So you're saying the 300,000 downloads are by people that knew they were downloading the app architected by a liar? And they were paying $3.79 to Apple and this liar for a recipe app that contain recipes that someone lied about helping her cure cancer? And you're saying that everyone at Apple that featured her app on the Apple Watch knew they were showing a snake oil app on their brand new shiny device? And that the people at Penguin did all their fact checking on any additional information this cookbook might contain about Belle Gibson's alleged cancer survival? And that everybody involved in these events know society's been parading around a fucking liar and rewarding her with cash money while she basically capitalizes on a horrendous disease that afflicts millions of people worldwide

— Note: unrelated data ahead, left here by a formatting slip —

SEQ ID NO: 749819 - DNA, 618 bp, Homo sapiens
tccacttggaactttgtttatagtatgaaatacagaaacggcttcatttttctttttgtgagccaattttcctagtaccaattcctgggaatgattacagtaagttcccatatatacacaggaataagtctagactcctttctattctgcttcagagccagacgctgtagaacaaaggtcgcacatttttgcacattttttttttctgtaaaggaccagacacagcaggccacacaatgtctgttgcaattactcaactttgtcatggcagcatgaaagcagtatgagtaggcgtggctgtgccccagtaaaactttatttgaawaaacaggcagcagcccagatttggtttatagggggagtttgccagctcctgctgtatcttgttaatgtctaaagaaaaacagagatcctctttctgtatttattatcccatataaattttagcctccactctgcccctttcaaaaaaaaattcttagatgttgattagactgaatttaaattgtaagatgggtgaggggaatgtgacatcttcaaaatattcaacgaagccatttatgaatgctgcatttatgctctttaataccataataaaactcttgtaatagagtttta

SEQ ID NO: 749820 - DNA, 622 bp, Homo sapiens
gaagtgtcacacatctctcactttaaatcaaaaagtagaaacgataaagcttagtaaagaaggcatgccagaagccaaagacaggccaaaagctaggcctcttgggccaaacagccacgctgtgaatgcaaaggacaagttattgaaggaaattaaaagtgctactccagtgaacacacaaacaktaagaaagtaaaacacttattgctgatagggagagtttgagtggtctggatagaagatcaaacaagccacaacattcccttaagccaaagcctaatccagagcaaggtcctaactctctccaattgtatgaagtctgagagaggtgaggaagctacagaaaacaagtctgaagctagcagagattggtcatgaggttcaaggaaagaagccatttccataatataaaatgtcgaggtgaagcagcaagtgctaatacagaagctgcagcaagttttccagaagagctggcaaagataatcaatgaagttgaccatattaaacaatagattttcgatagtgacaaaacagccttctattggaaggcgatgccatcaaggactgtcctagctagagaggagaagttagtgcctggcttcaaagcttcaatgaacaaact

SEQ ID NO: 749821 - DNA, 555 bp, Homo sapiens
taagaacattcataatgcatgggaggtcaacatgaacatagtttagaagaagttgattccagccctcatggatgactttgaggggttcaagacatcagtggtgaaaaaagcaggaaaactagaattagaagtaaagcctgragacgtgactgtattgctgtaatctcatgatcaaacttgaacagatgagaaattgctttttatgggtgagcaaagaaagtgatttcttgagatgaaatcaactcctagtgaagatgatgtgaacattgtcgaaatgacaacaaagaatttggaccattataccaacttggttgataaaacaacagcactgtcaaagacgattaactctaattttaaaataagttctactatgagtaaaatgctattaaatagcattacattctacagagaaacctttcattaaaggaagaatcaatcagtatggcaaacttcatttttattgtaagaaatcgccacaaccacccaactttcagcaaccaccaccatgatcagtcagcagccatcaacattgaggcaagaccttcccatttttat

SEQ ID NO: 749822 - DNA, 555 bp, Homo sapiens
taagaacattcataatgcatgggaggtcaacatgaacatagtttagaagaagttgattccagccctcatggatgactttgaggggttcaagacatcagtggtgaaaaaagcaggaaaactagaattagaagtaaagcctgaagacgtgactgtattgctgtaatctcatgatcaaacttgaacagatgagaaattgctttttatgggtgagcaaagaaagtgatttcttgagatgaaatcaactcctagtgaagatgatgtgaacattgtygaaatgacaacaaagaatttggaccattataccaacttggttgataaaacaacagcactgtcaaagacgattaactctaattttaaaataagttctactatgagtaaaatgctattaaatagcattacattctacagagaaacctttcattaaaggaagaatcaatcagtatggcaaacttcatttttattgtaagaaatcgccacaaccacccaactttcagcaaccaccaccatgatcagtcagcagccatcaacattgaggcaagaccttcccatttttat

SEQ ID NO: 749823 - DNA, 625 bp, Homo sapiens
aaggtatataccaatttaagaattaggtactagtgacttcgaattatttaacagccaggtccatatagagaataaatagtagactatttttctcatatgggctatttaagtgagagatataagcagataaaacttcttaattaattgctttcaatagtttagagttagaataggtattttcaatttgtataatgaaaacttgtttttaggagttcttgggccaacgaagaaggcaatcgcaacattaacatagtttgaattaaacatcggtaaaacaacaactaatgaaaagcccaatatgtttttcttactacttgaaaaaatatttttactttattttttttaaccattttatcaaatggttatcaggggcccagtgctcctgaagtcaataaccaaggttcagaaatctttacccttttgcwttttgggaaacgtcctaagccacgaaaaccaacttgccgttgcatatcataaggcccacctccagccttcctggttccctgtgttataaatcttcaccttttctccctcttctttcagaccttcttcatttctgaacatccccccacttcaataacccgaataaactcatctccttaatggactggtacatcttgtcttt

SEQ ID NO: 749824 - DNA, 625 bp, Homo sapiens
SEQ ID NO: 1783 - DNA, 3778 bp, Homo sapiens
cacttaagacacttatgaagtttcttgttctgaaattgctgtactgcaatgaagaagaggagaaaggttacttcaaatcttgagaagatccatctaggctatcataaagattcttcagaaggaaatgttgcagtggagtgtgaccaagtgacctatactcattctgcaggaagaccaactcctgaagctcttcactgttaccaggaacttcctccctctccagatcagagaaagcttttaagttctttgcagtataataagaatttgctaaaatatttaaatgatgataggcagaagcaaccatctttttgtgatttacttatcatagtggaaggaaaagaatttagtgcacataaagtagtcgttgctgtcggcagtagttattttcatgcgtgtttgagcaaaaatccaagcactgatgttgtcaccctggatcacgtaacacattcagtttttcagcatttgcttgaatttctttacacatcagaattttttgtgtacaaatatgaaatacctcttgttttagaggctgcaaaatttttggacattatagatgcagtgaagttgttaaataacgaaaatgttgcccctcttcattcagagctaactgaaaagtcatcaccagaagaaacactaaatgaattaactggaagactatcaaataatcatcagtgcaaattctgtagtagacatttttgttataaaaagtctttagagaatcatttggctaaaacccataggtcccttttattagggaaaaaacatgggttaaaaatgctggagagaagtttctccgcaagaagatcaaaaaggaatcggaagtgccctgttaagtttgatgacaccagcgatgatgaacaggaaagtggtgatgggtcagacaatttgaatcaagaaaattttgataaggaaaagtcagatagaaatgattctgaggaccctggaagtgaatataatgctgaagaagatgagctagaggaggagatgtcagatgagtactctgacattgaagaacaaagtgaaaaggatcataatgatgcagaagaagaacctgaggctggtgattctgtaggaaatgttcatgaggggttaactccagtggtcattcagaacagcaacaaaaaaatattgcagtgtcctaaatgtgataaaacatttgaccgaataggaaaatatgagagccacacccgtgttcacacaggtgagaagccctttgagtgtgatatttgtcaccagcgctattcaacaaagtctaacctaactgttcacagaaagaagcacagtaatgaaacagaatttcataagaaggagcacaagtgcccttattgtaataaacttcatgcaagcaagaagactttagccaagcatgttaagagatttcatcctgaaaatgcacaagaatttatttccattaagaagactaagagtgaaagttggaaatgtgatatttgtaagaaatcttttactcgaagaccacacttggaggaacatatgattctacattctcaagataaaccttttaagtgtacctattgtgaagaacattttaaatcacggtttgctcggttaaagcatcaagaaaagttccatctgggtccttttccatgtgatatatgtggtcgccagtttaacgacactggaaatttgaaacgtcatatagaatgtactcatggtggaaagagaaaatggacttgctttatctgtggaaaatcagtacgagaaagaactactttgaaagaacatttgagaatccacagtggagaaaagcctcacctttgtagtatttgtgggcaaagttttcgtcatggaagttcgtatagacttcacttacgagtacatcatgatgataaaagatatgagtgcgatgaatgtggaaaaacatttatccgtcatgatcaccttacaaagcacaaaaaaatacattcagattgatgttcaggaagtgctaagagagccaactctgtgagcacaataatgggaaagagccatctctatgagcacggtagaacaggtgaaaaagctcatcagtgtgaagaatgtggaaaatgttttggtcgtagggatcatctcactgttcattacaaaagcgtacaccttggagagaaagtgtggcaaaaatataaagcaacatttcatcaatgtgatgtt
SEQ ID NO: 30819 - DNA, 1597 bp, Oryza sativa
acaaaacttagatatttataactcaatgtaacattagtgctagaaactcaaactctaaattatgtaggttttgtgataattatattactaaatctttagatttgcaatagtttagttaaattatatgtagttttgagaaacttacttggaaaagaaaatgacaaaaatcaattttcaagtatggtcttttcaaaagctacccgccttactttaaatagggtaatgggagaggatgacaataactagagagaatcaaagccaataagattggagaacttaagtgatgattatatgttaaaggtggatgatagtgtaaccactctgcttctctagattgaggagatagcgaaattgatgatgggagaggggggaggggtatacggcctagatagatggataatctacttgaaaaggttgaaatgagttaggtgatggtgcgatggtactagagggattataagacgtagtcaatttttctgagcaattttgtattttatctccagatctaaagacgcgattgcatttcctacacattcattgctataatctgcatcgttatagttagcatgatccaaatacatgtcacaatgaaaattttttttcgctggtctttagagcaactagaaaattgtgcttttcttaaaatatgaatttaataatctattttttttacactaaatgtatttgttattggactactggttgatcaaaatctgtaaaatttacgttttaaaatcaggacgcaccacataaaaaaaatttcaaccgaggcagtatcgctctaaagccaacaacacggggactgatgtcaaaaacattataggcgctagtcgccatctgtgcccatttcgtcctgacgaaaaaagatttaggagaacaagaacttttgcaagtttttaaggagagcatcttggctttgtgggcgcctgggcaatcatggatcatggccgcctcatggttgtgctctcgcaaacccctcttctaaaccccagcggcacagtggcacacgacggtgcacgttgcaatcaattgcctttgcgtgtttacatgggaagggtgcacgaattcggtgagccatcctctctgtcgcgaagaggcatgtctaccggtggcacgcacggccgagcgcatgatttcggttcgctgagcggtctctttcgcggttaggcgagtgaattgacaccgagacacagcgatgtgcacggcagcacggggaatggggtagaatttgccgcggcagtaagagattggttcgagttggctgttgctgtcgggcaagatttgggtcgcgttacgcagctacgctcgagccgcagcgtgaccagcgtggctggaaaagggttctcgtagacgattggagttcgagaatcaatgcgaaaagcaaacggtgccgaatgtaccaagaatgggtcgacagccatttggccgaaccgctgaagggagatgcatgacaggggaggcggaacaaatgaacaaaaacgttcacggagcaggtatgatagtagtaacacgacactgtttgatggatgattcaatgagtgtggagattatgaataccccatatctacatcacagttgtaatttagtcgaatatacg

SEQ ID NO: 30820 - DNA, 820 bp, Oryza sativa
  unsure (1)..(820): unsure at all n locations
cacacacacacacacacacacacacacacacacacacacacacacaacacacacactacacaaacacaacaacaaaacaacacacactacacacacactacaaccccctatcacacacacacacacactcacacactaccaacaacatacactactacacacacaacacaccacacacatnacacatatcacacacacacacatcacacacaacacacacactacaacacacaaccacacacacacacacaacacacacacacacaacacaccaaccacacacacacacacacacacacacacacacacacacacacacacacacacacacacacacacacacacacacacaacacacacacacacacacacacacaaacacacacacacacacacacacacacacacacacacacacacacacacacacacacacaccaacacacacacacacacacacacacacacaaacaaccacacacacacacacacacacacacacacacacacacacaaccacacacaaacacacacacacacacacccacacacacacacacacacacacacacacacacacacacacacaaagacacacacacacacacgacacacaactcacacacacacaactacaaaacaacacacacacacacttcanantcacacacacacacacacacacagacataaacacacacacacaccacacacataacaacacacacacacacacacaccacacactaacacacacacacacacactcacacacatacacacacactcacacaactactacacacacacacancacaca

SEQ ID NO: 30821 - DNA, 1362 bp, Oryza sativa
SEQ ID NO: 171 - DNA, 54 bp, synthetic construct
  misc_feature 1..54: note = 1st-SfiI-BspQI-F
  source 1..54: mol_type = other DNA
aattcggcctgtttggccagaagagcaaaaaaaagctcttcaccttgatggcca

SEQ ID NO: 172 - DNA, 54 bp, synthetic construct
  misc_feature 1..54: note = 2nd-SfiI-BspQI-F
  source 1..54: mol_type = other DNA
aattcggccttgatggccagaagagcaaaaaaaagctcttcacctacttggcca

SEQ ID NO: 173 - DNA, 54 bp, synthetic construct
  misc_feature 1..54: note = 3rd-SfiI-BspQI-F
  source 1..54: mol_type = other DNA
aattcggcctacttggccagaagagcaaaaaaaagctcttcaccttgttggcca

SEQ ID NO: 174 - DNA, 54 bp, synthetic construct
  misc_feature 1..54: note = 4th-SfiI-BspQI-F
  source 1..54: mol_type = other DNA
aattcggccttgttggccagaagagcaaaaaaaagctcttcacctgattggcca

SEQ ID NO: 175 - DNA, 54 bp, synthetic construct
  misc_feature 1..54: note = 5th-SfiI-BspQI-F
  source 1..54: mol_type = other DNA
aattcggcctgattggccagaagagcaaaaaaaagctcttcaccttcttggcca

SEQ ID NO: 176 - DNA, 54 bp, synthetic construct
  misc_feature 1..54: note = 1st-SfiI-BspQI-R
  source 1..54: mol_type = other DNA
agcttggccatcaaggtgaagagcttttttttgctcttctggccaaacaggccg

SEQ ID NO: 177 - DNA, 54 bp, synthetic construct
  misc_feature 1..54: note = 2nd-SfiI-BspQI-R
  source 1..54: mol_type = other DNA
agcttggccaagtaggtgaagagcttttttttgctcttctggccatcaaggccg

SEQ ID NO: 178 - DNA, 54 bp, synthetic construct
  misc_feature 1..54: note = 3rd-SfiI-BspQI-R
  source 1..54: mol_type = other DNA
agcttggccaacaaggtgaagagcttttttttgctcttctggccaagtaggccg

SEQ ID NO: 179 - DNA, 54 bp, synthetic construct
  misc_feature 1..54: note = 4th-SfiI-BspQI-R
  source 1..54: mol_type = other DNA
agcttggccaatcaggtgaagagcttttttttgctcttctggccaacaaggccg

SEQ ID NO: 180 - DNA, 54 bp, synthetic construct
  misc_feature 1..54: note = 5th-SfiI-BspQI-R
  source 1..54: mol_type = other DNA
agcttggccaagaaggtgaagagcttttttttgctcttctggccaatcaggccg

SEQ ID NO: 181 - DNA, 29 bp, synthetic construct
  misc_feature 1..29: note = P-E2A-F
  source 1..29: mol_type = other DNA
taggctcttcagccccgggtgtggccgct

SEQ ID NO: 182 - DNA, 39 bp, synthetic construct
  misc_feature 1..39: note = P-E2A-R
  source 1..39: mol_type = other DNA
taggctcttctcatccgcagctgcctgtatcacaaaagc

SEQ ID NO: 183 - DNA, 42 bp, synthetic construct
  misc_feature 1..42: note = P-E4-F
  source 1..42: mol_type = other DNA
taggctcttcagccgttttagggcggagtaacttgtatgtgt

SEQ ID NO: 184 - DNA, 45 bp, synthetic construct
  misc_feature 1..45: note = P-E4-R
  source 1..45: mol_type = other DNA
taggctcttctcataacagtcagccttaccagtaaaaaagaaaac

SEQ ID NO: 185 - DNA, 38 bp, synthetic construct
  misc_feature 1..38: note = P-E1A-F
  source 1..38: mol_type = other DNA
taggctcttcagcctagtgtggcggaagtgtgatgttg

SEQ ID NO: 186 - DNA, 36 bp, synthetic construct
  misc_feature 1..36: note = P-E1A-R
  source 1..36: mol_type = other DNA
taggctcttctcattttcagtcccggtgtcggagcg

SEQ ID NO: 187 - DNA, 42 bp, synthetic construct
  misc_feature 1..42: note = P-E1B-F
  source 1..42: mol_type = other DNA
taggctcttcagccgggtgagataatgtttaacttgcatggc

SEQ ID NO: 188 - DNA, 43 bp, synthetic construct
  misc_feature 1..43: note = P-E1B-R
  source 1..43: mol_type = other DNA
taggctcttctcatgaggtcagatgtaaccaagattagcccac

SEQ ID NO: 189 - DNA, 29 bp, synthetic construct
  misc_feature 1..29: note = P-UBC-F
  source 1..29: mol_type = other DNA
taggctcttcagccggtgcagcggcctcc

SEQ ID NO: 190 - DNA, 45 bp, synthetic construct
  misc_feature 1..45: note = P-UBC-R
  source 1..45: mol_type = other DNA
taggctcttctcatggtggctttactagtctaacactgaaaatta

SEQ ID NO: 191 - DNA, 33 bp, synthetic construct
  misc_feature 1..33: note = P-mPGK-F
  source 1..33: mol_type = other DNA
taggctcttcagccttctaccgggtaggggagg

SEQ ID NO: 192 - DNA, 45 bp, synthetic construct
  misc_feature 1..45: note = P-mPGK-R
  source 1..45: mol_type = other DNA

No, this is not the same as "water is wet" and it needs to be shown that holistic medicine is temporarily propped up on a bed of anecdotal lies
In my experience (New York State) they tend to side with the employee at the first level of appeal. If the employer contests that decision it goes before an administrative law judge, where anything can happen, though even there they tend to favor the employee in this blue state.
I quit a job once upon a time and secured unemployment. The employer attempted to retroactively impose random drug testing, I asked for an opt-out since it wasn't part of the conditions of employment when I was hired, they said no. I cited the applicable case law with HR, they still said no, so I quit. Won that one at both levels of appeal, found a new job three weeks later, started it two weeks after that, using the interim to take a nice vacation to Finland on the ex-employer's dime. I may have sent them an unsigned post card from Helsinki saying thanks for 50% of the salary for 0% of the work.....